So the morning of the workshops came, and we had sunshine, and it would have been extremely difficult to find a more beautiful workspace to be creative in. We had three sessions throughout the day, each an hour and an half long, which we found was the perfect amount of time. The kids’ ages ranged from 5 to 13 and there was a mixture of abilities, which made the whole process even more rewarding, as every single participant was able to create a stool of which they were proud.

The assembly of the stool seems a straightforward task when explained out loud, but the class demonstrated how much attention and application of skill is required to create even a simple design. Fellow LINLEY Summer School alumnus (http://www.davidlinley.com/blog/linley-summer-school-meet-students/) Poppy Booth, was also at hand to help the participants with their projects; she was an absolute life saver, and I owe her my full gratitude. She even taught me how to use a cabinet scraper!

The satisfaction of the whole project surpassed my expectations in many ways. No one needed to use any of the brightly coloured plasters that I had packed as a precaution, no spare components needed to be used, there was a pretty much equal split of male and female participants, and my vision of the kids’ hexagonal stools arranged into a formation successfully became a reality. I was also really pleased that we managed to fill glue drying time with beneficial exercises, like learning to use a block plane, how a marking gauge is used and how to cut straight with a dovetail saw. It was so wonderful to see how much satisfaction the simple act of creating a full shaving with a block plane could bring to the kids. Some of them even gave their shavings to their parents, wanting to take them home with them.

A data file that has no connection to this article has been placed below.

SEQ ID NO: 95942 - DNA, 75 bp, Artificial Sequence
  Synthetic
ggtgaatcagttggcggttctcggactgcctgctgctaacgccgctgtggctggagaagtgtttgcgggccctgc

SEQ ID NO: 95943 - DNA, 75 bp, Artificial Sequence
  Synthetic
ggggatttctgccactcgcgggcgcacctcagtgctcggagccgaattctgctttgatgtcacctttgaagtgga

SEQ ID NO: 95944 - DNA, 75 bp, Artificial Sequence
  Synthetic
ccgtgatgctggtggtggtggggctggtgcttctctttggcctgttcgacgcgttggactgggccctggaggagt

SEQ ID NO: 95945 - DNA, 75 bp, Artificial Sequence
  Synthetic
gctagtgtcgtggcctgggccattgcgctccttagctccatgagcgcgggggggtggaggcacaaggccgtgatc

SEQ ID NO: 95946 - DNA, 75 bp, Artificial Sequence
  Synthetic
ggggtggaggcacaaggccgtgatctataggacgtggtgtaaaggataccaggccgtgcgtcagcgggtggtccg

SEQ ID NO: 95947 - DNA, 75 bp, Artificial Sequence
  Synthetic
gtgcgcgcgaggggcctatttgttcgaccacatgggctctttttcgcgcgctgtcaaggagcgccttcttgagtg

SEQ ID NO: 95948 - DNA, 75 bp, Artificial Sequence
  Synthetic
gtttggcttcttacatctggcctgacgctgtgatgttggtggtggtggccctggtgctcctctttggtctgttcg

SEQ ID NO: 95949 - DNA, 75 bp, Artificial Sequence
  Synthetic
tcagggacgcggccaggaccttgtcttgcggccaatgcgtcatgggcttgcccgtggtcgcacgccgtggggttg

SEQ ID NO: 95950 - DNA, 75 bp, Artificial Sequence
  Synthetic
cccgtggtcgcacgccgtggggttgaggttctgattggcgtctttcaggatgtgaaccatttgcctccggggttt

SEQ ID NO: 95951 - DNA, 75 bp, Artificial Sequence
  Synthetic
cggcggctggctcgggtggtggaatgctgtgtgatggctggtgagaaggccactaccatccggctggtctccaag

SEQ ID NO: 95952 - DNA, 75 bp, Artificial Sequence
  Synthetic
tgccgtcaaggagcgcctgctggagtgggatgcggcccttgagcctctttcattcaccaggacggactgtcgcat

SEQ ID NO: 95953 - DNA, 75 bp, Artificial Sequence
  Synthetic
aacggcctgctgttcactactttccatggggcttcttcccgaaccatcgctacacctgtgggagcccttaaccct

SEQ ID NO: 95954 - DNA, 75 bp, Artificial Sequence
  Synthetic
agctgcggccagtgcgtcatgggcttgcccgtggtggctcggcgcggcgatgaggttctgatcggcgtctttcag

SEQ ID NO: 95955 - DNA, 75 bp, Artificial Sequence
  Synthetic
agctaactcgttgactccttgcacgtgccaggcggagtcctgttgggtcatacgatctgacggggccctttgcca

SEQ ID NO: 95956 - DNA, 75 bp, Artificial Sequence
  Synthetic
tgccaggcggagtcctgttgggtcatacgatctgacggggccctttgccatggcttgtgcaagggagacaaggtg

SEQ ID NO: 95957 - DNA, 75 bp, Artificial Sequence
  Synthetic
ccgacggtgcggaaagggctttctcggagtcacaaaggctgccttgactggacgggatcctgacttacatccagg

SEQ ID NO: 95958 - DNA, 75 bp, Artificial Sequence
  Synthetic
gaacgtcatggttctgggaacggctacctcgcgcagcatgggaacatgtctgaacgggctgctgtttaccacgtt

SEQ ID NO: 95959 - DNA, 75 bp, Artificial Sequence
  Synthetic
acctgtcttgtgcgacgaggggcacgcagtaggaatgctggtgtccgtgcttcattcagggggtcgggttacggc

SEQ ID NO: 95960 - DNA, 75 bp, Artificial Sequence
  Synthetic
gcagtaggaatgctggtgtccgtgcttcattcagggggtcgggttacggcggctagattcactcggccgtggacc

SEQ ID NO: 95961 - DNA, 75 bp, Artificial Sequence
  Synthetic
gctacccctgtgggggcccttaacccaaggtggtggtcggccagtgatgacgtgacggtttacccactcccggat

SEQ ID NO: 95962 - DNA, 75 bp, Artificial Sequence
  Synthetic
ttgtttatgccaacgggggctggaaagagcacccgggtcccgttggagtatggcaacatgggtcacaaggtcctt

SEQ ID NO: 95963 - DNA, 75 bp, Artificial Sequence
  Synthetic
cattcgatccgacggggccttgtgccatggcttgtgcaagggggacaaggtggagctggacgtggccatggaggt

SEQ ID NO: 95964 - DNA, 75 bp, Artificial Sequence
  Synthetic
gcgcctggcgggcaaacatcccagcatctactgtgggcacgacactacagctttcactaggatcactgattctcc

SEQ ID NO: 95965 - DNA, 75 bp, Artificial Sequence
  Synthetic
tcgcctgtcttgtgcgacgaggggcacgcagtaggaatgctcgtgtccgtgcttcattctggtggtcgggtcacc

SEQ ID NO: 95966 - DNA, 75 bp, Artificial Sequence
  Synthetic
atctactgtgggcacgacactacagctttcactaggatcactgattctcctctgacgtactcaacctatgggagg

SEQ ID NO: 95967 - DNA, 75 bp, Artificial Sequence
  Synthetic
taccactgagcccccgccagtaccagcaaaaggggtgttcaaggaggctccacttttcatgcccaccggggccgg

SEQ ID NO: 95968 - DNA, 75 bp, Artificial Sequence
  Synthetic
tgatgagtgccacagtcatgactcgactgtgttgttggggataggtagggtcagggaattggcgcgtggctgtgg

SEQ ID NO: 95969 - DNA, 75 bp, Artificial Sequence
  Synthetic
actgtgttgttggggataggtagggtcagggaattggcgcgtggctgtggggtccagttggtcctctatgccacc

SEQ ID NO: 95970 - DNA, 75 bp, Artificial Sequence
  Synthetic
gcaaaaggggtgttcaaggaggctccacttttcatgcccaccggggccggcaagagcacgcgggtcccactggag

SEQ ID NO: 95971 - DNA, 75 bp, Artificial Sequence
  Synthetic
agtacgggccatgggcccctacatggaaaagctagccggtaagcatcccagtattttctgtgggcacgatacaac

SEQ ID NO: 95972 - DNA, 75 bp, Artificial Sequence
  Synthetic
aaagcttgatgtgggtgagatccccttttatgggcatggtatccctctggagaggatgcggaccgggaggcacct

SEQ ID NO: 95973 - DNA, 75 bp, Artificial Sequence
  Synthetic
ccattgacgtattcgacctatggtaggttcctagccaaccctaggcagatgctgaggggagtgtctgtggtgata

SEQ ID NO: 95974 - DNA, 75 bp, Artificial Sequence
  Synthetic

Moving forward, I think smaller groups might be more beneficial, as I found my time taken up helping the younger members of the groups, when it would have been a good opportunity to chat to all the participants, particularly the girls, about what their interests and hobbies are; and perhaps if any of them had ever thought of becoming a furniture maker. The end of the day saw lots of people with smiles on their faces and loads of positive feedback; I don’t think I have ever felt more deserving of a bottle of cider!

Just to add: a huge thank you to Carmel Allen, Johnny Messum and Joe Bray for providing this amazing opportunity and for supporting the THIS GIRL MAKES project, which only continues to grow in motivation thanks to encouragement and enthusiasm from such people.

 

* The learning never stops!